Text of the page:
Thematic Case Reviews

In these thematic reviews, the organisation and presentation of cases will be based on the latest educational research, including literature exploring the role of expertise in radiologic image interpretation; how to promote active learning in radiology trainees, and activities to simulate how experts through deliberate practice generate a holistic high-level representation of the image, which then fine-tunes the perception of potential lesions. These reviews will leverage on the large database of online published and unpublished (at the moment) "normal" and "abnormal" cases. Selected use of didactic instructional videos will be included.



Friday, 21 October 2011

Cognitive Apprenticeship

1. Developing into an expert radiologist involves mastering a set of complex task skills.

2. This includes "running the service" - prescribing the optimal imaging technique to address the clinical problem, protocolling the study, modifying the study "in real time" to take into account (unexpected) findings during the radiological examination, and interacting with technical and clinical staff to both optimize the examination, and convey the relevant radiological information that will facilitate clinical management of the patient.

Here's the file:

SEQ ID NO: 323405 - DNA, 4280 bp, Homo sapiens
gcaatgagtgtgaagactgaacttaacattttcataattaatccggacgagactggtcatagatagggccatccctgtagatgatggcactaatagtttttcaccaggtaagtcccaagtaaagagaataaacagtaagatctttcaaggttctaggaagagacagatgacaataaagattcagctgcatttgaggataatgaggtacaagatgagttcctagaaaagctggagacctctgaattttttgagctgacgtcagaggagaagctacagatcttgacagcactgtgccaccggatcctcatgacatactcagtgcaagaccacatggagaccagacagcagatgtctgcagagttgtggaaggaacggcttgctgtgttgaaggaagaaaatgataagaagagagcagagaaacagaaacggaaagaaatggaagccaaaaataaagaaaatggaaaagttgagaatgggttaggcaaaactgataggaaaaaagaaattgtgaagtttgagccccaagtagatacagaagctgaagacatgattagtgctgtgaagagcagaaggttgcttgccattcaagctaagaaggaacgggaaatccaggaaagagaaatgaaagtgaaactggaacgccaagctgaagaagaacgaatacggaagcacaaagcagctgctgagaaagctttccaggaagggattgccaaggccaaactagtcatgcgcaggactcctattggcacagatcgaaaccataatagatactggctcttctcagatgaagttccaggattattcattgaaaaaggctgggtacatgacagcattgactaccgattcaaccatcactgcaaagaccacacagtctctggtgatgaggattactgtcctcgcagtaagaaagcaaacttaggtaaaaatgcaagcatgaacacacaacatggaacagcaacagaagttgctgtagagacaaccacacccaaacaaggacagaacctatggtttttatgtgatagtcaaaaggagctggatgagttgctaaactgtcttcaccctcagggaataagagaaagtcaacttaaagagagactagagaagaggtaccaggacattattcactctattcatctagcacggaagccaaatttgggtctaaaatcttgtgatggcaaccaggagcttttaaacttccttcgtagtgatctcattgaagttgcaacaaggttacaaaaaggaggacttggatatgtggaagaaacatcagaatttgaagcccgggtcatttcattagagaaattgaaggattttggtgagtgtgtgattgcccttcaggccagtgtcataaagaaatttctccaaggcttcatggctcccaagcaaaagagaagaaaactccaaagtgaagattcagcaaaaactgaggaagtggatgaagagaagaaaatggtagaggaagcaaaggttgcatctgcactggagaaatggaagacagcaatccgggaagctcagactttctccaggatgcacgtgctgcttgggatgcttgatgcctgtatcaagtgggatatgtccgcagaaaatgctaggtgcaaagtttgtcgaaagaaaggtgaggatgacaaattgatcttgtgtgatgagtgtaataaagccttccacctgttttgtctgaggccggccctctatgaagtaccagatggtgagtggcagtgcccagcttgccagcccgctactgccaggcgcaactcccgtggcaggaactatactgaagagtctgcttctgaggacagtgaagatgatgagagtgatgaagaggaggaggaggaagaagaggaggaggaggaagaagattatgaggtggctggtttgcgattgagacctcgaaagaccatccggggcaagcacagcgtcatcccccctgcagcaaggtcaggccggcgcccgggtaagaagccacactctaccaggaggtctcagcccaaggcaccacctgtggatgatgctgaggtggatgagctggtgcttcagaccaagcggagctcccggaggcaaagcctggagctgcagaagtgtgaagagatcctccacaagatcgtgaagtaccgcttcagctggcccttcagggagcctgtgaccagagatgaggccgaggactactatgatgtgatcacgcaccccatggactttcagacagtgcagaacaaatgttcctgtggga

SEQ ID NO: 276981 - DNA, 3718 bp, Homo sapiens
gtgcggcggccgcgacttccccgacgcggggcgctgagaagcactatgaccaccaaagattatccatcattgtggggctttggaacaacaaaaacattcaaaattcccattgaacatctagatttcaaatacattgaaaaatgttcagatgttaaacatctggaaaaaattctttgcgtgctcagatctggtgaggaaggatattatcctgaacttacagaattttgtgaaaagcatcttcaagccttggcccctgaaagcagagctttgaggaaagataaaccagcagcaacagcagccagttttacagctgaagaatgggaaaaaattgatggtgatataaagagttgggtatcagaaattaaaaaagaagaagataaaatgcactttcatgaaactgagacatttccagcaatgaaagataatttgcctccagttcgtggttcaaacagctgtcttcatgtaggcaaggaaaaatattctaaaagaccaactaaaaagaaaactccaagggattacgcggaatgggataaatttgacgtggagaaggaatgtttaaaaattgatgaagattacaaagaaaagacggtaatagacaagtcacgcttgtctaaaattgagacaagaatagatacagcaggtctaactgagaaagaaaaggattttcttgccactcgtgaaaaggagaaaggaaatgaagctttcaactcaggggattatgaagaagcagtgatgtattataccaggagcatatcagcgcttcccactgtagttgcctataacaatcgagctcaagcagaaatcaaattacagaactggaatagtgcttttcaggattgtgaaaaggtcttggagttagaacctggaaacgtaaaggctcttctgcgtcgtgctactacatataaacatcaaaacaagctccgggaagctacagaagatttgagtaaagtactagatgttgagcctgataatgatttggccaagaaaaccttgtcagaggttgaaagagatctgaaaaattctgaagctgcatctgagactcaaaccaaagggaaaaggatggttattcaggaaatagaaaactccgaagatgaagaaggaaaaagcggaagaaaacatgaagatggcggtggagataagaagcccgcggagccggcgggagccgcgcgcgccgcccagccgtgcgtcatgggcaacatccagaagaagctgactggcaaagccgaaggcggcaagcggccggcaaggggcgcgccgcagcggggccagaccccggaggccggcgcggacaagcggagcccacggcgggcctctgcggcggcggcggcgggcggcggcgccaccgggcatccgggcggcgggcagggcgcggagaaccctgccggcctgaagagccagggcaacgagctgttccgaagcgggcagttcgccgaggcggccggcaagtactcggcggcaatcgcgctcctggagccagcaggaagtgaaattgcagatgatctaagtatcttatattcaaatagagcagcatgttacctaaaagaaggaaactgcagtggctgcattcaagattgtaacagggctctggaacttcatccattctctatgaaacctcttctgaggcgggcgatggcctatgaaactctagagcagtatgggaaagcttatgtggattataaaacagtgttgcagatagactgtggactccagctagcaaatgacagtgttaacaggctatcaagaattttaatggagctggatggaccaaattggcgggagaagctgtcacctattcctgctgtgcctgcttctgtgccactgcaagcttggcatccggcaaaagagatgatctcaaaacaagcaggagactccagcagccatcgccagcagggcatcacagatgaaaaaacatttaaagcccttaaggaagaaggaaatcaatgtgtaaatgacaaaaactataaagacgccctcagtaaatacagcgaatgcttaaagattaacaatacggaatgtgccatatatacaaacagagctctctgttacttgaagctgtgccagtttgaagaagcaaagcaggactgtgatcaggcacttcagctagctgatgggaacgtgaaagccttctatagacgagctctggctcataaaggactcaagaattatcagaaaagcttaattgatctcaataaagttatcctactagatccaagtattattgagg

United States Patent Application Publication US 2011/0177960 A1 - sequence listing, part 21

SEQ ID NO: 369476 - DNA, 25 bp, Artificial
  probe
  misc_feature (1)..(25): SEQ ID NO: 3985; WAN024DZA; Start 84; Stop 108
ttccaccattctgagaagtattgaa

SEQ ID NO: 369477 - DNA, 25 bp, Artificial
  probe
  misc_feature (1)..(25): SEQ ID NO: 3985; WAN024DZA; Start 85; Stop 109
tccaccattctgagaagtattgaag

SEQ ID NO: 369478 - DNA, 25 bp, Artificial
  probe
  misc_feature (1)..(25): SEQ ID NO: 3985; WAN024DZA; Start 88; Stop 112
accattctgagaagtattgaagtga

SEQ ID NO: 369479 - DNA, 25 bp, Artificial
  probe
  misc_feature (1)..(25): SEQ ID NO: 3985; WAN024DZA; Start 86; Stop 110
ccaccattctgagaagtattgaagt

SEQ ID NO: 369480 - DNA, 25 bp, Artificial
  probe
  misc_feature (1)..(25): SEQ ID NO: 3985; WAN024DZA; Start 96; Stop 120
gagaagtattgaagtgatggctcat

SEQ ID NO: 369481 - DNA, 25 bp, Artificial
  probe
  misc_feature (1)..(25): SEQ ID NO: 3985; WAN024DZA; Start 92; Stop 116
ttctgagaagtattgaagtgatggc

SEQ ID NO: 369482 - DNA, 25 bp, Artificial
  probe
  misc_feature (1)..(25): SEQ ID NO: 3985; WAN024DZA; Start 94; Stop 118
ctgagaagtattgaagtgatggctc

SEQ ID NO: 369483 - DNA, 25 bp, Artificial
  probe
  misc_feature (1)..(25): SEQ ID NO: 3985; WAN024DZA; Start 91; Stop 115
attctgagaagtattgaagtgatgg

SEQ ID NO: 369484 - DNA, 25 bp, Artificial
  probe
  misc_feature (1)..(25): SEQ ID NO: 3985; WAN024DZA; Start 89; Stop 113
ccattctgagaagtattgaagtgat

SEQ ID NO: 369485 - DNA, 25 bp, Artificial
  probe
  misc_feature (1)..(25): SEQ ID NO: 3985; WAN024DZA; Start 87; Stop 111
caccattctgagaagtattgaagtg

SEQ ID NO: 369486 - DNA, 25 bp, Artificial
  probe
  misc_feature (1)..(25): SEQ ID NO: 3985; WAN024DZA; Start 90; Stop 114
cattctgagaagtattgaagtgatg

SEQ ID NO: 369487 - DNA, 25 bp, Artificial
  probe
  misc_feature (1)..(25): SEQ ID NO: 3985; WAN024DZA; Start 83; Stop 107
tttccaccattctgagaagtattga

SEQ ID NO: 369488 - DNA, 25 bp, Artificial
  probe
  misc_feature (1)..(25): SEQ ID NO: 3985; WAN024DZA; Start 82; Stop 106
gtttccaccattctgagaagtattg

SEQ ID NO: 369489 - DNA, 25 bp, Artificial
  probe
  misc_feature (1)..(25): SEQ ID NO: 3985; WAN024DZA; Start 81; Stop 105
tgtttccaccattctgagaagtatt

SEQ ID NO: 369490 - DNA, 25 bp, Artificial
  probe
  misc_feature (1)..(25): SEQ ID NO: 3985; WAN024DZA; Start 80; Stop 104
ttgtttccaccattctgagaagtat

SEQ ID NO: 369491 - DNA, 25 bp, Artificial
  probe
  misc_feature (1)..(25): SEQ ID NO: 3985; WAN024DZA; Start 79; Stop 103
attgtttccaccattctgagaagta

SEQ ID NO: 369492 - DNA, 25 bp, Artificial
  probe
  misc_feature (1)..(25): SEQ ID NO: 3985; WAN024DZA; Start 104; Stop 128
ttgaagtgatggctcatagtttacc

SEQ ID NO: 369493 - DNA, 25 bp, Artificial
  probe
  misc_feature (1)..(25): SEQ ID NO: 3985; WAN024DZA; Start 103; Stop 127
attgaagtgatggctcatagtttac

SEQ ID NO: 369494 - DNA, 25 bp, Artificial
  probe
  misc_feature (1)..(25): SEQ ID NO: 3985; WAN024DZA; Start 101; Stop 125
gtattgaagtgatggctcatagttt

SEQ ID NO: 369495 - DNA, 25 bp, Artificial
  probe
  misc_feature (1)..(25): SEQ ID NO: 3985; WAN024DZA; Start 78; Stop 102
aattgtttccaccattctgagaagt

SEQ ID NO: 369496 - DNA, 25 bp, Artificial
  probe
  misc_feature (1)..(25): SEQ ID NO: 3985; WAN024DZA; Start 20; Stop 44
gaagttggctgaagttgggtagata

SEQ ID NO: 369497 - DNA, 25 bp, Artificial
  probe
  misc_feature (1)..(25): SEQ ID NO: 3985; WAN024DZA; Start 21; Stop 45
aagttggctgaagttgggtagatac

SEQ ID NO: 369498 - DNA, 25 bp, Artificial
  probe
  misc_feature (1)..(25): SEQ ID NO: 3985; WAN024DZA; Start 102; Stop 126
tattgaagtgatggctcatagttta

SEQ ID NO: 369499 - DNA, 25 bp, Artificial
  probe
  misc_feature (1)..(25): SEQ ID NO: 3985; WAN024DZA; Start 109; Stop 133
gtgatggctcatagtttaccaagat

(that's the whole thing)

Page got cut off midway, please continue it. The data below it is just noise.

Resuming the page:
3. The cognitive aspects of making a radiological diagnosis involve the "see, recognize, and diagnose" three step process described in the earlier blogpost.

4. The role of the trainee resident or fellow in radiology requires a combination of focus, application, sustained effort, and dedication to learn; coupled with a high level of professional responsibility and commitment to learning and practicing the craft of radiology.

5. Ultimately, learning requires active application of effort - learning by doing, with feedback on performance. Passive observation does not lead to true learning or the functional ability to perform in better ways. A combination of reflection, and repeated attempts to apply knowledge and skills is required to "learn" anything. This is an active process. Increasing expertise is acquired by "deliberate practice"
http://www.missiontolearn.com/2010/04/deliberate-practice/

6. The role of the instructor in radiology is to "coach", guide and facilitate this learning process in a positive way.

7. An example of a systematic positive coaching paradigm comes from coaching in sports, where the players or learners are reminded that they have total control over three aspects of performance - effort, learning from experience, and response to mistakes - ELM framework
http://opinionator.blogs.nytimes.com/2011/10/20/the-power-of-positive-coaching/?src=me&ref=general

8. A useful way of thinking about the trainee - instructor interaction is to reflect on the idea of "cognitive apprenticeship"
http://en.wikipedia.org/wiki/Cognitive_apprenticeship

more in the next post

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